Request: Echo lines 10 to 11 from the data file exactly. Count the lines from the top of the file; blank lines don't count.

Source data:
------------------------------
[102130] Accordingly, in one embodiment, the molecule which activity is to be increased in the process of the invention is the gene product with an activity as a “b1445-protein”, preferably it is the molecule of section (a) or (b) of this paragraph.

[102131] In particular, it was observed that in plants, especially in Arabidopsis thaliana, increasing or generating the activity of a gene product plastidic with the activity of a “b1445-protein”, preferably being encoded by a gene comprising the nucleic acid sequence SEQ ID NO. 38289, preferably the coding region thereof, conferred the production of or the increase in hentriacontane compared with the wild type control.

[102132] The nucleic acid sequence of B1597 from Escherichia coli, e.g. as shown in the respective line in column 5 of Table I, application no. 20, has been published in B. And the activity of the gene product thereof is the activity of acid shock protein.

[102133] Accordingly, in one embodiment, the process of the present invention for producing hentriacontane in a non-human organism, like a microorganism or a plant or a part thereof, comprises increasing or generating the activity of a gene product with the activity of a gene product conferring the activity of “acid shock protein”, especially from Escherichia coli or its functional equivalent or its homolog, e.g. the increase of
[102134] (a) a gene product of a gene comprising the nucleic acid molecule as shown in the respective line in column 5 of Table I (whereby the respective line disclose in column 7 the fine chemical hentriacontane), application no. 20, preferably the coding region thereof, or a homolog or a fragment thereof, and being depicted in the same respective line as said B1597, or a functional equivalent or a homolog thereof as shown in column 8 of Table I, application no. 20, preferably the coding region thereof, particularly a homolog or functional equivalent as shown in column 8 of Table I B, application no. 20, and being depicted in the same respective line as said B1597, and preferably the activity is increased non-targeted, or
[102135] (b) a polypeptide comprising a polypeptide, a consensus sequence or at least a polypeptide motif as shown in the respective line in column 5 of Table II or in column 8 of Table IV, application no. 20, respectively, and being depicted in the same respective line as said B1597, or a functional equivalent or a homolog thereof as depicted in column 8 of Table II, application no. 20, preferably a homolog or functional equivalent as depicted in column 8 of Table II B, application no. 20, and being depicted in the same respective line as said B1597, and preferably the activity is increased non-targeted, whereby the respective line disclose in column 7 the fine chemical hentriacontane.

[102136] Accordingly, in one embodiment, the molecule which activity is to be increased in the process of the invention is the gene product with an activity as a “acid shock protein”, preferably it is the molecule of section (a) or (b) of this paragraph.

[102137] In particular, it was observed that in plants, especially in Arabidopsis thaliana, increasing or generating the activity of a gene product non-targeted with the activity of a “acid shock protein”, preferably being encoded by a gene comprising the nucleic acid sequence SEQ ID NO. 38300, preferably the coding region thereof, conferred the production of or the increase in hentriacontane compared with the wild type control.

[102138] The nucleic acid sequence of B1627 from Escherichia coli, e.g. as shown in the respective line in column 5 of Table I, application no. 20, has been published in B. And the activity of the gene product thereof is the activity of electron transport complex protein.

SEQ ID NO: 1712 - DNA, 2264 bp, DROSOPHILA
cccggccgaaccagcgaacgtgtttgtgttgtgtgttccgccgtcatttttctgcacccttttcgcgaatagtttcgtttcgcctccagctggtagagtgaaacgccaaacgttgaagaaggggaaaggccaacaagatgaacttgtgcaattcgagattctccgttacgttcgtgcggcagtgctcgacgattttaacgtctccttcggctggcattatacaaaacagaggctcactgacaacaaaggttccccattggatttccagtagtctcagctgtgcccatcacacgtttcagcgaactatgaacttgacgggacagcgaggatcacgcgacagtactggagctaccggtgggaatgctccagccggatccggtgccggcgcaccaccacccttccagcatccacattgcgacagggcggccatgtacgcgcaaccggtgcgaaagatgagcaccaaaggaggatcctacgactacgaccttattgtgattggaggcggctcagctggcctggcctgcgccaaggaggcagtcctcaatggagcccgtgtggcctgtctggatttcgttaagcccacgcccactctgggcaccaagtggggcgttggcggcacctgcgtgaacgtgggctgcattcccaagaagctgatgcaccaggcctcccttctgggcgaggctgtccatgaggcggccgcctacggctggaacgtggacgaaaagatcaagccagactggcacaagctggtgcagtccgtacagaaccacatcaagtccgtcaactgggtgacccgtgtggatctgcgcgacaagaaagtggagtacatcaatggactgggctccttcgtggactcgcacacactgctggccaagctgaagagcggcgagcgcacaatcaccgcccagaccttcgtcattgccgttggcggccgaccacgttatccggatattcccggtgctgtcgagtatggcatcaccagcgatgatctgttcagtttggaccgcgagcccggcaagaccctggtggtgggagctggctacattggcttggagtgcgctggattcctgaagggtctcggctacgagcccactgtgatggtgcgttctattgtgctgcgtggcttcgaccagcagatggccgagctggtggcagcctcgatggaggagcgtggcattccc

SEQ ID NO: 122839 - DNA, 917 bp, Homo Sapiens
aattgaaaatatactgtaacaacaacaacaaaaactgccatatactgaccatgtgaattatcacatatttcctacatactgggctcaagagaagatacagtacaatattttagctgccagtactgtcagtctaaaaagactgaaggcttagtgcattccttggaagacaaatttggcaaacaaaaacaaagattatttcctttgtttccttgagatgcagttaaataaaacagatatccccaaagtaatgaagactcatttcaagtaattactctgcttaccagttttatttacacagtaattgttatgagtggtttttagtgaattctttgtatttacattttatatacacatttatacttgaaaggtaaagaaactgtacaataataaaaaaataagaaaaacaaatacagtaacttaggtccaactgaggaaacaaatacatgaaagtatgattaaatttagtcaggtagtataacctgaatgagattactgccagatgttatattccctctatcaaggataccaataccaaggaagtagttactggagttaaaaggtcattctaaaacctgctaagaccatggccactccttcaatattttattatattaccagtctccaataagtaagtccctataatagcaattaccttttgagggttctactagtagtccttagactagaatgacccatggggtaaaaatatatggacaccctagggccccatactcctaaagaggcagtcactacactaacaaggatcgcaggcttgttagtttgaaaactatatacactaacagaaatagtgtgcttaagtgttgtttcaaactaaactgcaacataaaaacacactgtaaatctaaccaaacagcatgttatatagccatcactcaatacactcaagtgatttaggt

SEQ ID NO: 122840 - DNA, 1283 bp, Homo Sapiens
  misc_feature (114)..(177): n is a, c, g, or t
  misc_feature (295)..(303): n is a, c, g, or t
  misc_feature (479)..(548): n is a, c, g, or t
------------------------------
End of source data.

SEQ ID NO: 1712 - DNA, 2264 bp, DROSOPHILA
cccggccgaaccagcgaacgtgtttgtgttgtgtgttccgccgtcatttttctgcacccttttcgcgaatagtttcgtttcgcctccagctggtagagtgaaacgccaaacgttgaagaaggggaaaggccaacaagatgaacttgtgcaattcgagattctccgttacgttcgtgcggcagtgctcgacgattttaacgtctccttcggctggcattatacaaaacagaggctcactgacaacaaaggttccccattggatttccagtagtctcagctgtgcccatcacacgtttcagcgaactatgaacttgacgggacagcgaggatcacgcgacagtactggagctaccggtgggaatgctccagccggatccggtgccggcgcaccaccacccttccagcatccacattgcgacagggcggccatgtacgcgcaaccggtgcgaaagatgagcaccaaaggaggatcctacgactacgaccttattgtgattggaggcggctcagctggcctggcctgcgccaaggaggcagtcctcaatggagcccgtgtggcctgtctggatttcgttaagcccacgcccactctgggcaccaagtggggcgttggcggcacctgcgtgaacgtgggctgcattcccaagaagctgatgcaccaggcctcccttctgggcgaggctgtccatgaggcggccgcctacggctggaacgtggacgaaaagatcaagccagactggcacaagctggtgcagtccgtacagaaccacatcaagtccgtcaactgggtgacccgtgtggatctgcgcgacaagaaagtggagtacatcaatggactgggctccttcgtggactcgcacacactgctggccaagctgaagagcggcgagcgcacaatcaccgcccagaccttcgtcattgccgttggcggccgaccacgttatccggatattcccggtgctgtcgagtatggcatcaccagcgatgatctgttcagtttggaccgcgagcccggcaagaccctggtggtgggagctggctacattggcttggagtgcgctggattcctgaagggtctcggctacgagcccactgtgatggtgcgttctattgtgctgcgtggcttcgaccagcagatggccgagctggtggcagcctcgatggaggagcgtggcattccc